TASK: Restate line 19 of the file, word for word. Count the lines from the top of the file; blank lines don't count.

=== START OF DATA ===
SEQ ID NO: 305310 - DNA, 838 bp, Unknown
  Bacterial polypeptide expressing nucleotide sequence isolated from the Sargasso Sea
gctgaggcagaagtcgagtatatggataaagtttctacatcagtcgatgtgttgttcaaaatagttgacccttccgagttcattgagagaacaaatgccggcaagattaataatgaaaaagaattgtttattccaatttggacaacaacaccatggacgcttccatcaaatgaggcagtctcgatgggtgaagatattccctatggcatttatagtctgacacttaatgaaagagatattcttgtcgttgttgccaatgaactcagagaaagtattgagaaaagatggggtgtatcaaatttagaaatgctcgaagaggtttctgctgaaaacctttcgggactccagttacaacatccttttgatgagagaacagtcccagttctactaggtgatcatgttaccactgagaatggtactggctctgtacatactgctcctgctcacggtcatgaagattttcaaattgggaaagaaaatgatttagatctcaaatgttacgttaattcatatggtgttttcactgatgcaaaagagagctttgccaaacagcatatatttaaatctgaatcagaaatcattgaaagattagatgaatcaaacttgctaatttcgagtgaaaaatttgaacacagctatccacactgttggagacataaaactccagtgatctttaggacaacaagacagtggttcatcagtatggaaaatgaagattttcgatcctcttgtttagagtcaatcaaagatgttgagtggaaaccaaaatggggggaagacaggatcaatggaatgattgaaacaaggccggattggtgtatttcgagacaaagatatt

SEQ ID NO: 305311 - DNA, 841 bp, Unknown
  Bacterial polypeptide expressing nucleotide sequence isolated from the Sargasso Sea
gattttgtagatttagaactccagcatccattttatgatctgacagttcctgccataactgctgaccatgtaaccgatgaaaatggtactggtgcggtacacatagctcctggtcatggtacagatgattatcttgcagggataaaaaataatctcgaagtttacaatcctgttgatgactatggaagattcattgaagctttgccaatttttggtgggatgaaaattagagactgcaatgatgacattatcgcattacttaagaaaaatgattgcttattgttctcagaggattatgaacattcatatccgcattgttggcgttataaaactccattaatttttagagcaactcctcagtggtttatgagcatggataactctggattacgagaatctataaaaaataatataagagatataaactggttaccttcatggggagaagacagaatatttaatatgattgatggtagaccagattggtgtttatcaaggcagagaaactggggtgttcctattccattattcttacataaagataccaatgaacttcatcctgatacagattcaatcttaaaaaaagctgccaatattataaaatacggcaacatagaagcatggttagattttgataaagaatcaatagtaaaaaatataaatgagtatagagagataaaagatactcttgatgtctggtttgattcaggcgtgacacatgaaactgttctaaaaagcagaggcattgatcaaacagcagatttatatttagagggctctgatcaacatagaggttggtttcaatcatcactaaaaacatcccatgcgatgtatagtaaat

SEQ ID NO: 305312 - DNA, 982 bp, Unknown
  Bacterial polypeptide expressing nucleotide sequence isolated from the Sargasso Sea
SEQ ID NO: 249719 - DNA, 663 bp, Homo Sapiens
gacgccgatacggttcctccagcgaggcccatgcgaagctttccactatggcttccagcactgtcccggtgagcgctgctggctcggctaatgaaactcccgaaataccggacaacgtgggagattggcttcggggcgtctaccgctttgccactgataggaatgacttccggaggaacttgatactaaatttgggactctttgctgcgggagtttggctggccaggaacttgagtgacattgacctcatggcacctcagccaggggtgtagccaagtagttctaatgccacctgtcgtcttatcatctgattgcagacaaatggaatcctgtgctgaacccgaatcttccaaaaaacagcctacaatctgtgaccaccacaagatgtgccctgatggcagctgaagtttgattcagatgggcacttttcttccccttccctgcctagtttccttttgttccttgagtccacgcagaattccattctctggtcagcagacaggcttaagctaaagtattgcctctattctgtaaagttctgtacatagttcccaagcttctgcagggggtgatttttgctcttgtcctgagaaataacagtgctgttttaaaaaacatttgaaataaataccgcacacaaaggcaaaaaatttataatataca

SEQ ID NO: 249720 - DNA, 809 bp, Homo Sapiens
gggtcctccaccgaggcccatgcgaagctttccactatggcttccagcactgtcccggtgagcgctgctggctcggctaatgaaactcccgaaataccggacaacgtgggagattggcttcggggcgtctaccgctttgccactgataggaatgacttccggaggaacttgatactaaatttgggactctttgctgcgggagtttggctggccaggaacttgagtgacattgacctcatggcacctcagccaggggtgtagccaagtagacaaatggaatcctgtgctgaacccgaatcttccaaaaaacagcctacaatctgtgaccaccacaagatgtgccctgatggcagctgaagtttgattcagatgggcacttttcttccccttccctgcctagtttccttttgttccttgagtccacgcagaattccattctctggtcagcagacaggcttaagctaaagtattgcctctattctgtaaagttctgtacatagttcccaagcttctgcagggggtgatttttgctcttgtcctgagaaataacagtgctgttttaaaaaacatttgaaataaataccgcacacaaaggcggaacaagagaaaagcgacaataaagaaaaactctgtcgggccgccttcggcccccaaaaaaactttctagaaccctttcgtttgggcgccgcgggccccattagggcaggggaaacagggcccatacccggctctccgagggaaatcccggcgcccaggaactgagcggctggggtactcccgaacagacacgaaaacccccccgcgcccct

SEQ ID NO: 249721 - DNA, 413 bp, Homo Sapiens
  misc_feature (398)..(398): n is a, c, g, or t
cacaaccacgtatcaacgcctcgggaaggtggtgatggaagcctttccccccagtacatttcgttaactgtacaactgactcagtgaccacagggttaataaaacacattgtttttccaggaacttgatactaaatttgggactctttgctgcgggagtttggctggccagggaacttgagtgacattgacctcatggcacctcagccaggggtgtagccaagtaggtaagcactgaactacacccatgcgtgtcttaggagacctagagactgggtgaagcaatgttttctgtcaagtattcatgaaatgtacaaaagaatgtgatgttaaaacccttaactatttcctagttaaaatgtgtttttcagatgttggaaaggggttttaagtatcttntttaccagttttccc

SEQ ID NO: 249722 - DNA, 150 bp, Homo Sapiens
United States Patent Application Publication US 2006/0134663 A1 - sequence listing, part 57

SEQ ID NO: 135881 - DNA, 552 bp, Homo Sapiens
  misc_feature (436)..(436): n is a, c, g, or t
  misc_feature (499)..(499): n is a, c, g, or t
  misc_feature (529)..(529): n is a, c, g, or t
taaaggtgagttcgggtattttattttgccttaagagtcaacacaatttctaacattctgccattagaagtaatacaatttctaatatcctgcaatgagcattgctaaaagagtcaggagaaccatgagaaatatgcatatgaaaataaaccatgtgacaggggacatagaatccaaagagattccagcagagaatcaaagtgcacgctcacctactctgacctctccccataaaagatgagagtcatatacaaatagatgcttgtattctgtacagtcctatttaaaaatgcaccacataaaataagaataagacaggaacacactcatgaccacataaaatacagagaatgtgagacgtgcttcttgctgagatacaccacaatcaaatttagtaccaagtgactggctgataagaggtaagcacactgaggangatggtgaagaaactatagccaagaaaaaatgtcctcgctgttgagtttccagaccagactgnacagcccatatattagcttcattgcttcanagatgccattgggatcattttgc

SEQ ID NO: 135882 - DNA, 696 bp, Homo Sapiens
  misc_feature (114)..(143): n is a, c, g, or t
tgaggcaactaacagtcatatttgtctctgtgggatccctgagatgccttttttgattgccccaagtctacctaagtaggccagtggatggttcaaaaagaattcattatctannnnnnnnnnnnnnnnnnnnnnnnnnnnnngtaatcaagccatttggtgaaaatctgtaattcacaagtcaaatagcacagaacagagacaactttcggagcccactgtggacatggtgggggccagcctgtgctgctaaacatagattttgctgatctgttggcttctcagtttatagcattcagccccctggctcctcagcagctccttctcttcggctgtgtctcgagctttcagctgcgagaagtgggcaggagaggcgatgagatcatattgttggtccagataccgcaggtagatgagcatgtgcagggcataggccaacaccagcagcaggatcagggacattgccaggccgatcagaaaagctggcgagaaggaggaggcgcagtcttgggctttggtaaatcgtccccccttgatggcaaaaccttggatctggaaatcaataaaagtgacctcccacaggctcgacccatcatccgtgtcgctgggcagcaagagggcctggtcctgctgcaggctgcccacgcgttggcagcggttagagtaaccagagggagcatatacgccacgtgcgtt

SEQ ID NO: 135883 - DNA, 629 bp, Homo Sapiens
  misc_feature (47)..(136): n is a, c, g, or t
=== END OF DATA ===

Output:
  misc_feature (436)..(436): n is a, c, g, or t